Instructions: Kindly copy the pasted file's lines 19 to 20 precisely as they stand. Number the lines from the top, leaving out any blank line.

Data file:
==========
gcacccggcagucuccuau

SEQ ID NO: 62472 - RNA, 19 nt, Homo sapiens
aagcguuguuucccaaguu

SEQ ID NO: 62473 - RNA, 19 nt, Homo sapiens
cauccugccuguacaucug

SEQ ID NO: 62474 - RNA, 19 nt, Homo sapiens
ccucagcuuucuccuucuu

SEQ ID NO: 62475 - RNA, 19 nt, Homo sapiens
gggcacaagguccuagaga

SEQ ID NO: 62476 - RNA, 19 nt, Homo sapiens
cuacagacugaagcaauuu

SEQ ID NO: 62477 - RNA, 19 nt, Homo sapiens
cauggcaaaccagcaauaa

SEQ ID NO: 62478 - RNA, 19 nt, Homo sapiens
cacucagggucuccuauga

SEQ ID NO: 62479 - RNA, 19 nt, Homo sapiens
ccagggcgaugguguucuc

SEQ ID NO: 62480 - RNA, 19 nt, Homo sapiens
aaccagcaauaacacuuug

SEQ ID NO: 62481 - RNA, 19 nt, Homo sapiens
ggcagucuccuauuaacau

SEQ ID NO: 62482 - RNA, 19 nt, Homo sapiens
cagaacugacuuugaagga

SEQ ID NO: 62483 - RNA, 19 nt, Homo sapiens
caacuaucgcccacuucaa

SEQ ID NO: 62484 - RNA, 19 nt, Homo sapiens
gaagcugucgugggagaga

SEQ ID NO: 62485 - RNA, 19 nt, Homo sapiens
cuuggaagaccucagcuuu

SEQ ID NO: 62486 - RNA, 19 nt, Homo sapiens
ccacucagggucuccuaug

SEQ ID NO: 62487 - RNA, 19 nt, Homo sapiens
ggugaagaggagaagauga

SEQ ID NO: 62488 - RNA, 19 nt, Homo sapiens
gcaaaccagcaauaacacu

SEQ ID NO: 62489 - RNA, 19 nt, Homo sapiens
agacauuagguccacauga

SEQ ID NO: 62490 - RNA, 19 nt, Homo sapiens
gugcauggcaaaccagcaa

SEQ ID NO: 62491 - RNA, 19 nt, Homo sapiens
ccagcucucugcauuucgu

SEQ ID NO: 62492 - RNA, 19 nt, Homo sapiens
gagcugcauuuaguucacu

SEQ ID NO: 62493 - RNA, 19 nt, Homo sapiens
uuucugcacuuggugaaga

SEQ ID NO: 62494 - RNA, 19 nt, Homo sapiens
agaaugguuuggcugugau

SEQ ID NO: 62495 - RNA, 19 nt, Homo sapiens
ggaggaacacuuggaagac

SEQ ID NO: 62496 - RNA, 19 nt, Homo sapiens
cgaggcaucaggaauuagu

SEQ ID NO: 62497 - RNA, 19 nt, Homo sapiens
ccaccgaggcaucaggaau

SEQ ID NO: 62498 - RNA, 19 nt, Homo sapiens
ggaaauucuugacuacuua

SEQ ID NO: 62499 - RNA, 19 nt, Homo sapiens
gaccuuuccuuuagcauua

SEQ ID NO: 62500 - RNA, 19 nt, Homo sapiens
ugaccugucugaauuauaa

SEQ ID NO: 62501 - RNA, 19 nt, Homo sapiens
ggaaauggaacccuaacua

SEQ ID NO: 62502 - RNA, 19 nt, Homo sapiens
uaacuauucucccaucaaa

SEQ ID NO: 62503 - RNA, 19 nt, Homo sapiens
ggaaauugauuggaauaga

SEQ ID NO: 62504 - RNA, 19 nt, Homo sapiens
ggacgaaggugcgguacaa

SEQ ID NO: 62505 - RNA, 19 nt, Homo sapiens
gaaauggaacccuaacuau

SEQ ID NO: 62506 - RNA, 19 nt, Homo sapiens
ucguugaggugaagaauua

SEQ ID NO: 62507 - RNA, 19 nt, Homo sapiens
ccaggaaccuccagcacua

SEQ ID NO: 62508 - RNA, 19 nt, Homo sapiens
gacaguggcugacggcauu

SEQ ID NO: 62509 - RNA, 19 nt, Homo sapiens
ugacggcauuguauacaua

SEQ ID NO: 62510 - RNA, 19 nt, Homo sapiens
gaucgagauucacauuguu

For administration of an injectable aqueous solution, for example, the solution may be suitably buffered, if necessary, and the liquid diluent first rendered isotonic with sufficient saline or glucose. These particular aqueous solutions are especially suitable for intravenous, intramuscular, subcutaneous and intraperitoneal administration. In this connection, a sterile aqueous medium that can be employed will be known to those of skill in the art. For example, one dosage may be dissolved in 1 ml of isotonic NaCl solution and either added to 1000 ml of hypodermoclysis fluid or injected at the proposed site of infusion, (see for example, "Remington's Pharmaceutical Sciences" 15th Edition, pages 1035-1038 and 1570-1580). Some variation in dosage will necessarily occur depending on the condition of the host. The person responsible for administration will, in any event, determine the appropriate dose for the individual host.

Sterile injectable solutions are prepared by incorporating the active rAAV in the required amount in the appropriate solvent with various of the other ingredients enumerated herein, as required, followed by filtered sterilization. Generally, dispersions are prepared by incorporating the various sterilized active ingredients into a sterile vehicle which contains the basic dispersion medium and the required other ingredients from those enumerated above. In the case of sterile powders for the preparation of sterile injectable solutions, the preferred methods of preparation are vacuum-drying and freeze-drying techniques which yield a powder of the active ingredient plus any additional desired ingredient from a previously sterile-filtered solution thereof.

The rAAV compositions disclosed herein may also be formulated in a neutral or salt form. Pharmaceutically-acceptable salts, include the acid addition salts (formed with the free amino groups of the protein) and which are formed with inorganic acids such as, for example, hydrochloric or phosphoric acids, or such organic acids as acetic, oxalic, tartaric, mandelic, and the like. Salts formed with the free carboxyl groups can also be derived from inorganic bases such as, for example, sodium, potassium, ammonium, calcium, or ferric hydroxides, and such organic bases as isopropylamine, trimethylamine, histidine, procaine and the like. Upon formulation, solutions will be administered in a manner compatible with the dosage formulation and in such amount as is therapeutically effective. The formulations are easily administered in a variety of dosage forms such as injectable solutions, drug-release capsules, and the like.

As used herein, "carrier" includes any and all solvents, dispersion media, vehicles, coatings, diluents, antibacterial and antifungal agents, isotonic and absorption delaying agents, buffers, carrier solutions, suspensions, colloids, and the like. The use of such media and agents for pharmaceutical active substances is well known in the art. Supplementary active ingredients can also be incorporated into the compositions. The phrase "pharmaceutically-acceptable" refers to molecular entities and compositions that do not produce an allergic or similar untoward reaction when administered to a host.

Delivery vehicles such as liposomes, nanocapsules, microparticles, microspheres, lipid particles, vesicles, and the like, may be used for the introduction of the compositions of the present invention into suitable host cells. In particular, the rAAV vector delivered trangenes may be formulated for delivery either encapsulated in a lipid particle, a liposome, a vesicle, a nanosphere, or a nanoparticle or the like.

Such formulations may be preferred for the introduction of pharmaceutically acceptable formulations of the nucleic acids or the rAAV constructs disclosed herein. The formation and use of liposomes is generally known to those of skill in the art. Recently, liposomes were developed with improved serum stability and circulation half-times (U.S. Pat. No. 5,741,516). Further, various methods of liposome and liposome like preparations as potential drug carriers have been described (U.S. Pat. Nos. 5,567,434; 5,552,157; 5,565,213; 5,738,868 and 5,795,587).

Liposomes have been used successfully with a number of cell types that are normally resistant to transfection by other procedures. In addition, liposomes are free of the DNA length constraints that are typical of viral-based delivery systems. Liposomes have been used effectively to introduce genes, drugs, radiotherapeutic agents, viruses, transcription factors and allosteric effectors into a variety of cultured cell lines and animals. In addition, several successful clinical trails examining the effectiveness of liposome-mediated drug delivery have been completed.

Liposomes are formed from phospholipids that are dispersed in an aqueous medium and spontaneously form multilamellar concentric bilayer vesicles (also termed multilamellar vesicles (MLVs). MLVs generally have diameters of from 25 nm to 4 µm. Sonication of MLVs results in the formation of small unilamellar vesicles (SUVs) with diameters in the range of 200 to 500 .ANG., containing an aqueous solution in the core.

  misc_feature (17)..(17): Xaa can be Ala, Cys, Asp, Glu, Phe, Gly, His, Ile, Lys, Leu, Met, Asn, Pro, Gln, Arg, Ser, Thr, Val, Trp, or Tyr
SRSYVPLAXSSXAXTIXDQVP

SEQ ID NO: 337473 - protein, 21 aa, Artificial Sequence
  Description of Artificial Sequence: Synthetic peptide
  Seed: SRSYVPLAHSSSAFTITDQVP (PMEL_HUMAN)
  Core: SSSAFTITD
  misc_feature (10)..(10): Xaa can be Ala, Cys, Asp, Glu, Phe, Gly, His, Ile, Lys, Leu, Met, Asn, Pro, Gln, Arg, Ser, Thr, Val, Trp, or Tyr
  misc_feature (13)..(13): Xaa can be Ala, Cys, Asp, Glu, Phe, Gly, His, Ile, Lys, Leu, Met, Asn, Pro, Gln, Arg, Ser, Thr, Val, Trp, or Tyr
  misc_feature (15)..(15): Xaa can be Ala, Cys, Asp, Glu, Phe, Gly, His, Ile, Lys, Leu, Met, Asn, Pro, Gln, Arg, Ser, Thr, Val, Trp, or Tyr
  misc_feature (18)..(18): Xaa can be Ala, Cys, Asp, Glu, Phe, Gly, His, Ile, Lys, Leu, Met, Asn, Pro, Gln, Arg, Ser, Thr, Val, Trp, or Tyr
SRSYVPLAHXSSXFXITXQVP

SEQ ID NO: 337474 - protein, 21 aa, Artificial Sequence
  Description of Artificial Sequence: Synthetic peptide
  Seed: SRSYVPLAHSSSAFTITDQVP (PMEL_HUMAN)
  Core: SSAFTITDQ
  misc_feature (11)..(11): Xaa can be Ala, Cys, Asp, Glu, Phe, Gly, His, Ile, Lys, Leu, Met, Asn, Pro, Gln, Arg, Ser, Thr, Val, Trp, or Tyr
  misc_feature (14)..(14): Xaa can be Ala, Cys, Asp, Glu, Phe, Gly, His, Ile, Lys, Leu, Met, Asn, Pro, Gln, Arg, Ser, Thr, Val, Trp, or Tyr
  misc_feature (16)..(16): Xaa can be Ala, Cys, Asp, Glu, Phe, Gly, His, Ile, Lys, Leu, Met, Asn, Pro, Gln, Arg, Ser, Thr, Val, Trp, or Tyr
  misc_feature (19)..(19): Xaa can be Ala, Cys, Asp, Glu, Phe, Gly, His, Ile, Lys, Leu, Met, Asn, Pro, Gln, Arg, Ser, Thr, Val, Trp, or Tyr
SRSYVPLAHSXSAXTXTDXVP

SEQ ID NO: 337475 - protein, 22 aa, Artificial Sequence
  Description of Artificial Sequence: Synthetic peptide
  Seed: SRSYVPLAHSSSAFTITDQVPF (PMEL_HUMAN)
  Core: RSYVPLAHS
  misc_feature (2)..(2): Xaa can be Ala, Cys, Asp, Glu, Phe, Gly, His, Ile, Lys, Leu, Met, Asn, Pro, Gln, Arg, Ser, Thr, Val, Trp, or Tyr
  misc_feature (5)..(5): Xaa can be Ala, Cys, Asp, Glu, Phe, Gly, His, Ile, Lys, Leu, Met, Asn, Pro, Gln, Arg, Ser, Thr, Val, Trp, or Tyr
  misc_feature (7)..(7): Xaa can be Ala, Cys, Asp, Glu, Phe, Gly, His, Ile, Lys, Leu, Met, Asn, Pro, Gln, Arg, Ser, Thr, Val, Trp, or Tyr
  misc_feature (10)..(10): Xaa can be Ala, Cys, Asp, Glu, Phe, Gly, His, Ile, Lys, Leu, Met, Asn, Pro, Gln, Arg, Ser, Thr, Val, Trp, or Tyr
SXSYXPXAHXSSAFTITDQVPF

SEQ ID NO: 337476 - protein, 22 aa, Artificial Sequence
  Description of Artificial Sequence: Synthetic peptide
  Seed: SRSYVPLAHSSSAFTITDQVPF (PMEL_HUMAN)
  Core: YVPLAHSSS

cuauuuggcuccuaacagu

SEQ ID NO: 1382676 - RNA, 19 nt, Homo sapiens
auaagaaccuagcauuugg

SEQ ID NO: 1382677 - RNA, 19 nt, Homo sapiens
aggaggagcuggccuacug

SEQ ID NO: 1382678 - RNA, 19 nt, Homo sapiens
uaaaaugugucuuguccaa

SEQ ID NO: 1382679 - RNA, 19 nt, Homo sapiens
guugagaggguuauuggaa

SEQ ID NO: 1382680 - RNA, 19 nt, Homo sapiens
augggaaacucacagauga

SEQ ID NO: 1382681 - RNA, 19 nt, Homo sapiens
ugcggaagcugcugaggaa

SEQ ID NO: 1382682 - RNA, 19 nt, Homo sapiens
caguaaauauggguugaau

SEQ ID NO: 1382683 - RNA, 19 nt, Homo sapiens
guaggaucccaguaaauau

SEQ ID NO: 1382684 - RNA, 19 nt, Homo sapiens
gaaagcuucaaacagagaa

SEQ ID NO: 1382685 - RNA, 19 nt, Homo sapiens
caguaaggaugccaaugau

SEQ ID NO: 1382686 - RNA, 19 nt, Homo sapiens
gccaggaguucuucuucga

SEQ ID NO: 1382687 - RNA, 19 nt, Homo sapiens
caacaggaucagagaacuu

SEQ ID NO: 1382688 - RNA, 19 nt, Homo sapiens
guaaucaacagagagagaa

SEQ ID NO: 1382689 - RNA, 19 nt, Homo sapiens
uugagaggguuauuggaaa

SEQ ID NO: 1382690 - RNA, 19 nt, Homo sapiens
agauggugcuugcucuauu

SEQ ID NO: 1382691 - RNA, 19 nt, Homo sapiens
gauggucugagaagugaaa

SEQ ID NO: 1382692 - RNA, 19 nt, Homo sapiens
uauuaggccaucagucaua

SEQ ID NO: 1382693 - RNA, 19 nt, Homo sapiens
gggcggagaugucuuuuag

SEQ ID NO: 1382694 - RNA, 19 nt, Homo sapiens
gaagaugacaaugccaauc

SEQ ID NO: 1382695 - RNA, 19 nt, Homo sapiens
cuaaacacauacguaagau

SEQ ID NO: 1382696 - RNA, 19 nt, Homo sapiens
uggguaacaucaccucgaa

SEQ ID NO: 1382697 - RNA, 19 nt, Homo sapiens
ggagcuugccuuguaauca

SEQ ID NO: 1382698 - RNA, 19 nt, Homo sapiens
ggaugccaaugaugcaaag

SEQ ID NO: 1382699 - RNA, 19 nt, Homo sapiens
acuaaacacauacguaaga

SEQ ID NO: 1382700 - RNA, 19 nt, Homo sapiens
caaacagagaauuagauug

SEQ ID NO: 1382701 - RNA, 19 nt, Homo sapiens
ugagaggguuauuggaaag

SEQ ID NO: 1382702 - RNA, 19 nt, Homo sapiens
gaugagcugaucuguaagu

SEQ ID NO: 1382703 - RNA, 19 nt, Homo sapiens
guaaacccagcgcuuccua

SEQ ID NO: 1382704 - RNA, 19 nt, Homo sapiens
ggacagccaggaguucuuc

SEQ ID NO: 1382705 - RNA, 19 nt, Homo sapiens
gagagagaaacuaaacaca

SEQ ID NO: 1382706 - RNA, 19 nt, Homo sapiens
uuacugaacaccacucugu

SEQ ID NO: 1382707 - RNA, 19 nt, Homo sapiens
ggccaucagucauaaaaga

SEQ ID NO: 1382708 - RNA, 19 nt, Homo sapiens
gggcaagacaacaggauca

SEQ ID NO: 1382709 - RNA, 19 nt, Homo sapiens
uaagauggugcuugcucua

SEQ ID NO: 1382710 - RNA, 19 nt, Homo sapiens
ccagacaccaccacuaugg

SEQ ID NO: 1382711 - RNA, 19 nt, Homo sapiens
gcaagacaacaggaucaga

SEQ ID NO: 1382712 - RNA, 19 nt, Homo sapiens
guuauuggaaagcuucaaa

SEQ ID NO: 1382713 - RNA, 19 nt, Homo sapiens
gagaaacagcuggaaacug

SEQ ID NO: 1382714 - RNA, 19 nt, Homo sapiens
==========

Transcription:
aaccagcaauaacacuuug

SEQ ID NO: 62481 - RNA, 19 nt, Homo sapiens